Jury sends former officer back to death row—-Fratta had been convicted
twice for hiring 2 men to kill his wife
A taut and emotional roller coaster ride ended Saturday when 12 jurors
decided to send Robert Fratta back to death row.
The former Missouri City public safety officer was convicted May 15 for
the 2nd time of hiring 2 men to shoot his wife, Farah, in 1994. His
original conviction had been overturned.
Farahs father, Lex Baquer, thanked God and told an advocate that the
decision was just.
Randy McDonald, one of Frattas lawyer, pleaded with jurors Friday to
reserve the death penalty for the worst killers cop killers, serial
killers and those who torture and murder children.
"We're not going to kill all capital murderers, just those who can't
conform to the rules of society and prison is society," McDonald said. He
said no parole board would let him out of jail.
"This is Texas. Mr. Fratta will die in prison."
Family members, defense lawyers and the convicted killer cried Friday
during overwrought arguments, as prosecutors asked jurors to send Robert
Fratta back to death row and defense lawyers asked for forgiveness.
"Hate and rage dont work," said Vivian King, Fratta's lawyer, who cried
and held hands with Fratta after asking jurors to find forgiveness. "You
can't have any kind of quality of life unless you forgive."
King had argued that Fratta has been a model prisoner for the past 15
years and deserved a life sentence instead.
Under 1994 law, Fratta would have been eligible for parole in 25 years,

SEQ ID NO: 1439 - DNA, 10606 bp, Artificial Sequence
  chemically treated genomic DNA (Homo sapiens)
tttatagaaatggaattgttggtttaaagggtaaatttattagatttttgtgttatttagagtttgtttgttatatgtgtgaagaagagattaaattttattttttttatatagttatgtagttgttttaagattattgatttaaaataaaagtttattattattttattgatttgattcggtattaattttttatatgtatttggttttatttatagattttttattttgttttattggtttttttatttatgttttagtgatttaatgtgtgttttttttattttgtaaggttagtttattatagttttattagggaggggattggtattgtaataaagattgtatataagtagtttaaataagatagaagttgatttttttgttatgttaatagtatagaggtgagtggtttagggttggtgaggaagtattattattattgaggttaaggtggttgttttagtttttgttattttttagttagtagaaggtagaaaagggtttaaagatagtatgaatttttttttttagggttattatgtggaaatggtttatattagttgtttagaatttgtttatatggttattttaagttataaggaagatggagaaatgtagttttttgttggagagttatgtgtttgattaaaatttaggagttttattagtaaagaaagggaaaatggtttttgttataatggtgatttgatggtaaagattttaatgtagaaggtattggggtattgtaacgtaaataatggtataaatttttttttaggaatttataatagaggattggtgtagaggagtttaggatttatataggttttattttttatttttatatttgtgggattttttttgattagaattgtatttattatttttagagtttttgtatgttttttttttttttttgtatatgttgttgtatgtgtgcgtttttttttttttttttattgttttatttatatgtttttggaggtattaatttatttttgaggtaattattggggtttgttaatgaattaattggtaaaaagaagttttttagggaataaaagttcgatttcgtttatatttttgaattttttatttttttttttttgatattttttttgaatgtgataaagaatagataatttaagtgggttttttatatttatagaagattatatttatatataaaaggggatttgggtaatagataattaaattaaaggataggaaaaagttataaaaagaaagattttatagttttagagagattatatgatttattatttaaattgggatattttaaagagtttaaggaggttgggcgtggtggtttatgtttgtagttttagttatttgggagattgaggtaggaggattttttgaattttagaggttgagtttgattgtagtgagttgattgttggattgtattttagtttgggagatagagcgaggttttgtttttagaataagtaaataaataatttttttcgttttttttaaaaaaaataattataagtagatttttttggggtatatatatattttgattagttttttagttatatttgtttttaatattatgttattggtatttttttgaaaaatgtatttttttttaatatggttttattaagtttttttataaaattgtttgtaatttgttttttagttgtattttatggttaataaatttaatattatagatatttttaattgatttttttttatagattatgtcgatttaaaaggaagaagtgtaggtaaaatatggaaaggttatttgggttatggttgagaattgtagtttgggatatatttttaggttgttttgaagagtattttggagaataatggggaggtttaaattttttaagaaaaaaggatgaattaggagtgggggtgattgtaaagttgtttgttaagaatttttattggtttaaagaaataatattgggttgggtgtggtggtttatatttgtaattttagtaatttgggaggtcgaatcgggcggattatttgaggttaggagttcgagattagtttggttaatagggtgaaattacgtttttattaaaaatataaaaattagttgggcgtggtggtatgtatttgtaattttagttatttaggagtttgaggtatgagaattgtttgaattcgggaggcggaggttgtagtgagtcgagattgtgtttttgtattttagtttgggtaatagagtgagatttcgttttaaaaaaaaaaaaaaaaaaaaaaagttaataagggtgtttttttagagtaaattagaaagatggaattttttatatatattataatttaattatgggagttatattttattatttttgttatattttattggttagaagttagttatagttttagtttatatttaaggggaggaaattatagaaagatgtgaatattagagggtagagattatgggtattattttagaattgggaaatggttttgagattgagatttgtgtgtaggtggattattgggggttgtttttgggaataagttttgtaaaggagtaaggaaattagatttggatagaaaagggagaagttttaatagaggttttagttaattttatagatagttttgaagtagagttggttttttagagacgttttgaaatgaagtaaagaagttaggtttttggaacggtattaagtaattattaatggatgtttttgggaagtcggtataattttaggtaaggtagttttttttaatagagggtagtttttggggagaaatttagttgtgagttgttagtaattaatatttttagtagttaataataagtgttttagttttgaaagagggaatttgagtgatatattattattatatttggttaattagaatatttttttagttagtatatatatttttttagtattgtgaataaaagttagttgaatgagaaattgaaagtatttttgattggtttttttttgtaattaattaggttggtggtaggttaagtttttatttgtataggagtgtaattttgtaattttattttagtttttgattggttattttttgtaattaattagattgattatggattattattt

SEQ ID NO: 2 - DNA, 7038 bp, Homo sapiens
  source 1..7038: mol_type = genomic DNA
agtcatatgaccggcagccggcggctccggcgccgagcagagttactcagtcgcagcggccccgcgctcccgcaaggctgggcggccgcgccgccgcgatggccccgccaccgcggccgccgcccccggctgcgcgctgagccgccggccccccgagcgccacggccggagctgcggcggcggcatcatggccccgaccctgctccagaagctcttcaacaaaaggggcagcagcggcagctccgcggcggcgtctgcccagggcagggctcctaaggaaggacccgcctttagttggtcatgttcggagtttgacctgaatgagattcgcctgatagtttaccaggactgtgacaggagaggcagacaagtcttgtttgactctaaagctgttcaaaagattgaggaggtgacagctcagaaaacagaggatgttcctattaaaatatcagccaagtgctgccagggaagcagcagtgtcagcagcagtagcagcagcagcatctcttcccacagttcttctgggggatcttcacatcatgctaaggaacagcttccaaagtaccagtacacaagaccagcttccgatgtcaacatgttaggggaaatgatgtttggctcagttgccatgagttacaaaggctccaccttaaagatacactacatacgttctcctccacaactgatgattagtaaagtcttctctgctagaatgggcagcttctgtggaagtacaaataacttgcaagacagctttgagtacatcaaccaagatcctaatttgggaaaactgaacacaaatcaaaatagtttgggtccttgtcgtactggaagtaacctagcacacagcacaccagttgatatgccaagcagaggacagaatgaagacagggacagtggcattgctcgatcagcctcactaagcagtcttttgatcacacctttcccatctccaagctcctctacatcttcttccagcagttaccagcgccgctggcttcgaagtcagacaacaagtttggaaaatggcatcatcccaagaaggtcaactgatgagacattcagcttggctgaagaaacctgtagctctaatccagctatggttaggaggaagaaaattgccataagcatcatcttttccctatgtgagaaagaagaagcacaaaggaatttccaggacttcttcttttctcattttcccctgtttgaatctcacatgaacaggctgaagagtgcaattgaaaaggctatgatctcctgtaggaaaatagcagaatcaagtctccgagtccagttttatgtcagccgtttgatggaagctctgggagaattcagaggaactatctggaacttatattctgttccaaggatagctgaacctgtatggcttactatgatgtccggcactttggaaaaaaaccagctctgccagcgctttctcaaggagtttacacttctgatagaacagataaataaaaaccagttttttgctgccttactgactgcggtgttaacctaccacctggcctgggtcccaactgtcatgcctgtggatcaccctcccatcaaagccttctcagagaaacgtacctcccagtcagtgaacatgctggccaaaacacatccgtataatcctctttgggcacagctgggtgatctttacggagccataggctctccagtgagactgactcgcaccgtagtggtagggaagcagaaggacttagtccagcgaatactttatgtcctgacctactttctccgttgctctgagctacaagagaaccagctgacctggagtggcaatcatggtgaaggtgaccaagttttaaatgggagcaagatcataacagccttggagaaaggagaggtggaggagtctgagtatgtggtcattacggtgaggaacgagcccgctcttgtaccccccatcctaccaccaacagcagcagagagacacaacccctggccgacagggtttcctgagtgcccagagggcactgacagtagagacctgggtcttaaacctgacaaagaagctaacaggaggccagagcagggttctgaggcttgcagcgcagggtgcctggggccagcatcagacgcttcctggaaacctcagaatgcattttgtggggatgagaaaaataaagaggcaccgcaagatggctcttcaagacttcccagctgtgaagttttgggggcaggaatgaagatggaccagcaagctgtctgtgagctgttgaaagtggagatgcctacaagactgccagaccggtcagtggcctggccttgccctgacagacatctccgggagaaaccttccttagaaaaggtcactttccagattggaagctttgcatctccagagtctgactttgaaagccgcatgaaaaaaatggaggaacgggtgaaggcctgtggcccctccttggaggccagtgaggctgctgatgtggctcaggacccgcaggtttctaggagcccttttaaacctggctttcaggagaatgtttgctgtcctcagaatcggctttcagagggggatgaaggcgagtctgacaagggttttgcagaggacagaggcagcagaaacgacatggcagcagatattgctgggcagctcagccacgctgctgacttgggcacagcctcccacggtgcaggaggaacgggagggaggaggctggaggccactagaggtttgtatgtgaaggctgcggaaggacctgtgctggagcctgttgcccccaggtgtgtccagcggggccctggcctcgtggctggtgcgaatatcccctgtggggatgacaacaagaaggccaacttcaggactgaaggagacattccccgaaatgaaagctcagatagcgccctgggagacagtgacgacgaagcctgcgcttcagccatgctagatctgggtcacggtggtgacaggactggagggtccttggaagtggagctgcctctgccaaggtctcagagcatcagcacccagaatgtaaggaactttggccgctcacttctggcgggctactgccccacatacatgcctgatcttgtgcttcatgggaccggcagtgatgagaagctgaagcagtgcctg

after 40 years in prison.
Prosecutors Denise Bradley and Mia Magness alternated between berating
Fratta and invoking images of a broken family.
"This domineering, controlling narcissist is the reason we're all here,"
Bradley said pointing at Fratta.
During the trial, jurors strained to hear sexually-explicit recorded
telephone conversations between Fratta and his girlfriend.
Jurors, selected in March, were sequestered Friday night and ordered by
state District Judge Belinda Hill to continue deliberating on Saturday.
They spent a total of 8 hours behind closed doors.
Hill is expected to officially sentence Fratta Monday, when Farah Fratta's
friends and family can attend.
Baquer and his wife, Betty, raised Robert and Farah's 3 children, who were
in elementary school when the slaying occurred. They were attending the
high school graduation Saturday of Amber Baquer, the youngest of those
children, when they received the news of the sentencing decision.
Fratta's original 1996 conviction was overturned when an appeals court
ruled that the confessions of his co-conspirators, Howard Guidry and
Joseph Prystash, should not have been admitted into evidence because
Fratta's lawyers could not cross-examine them. The 2 remain on death row.
(source: Houston Chronicle)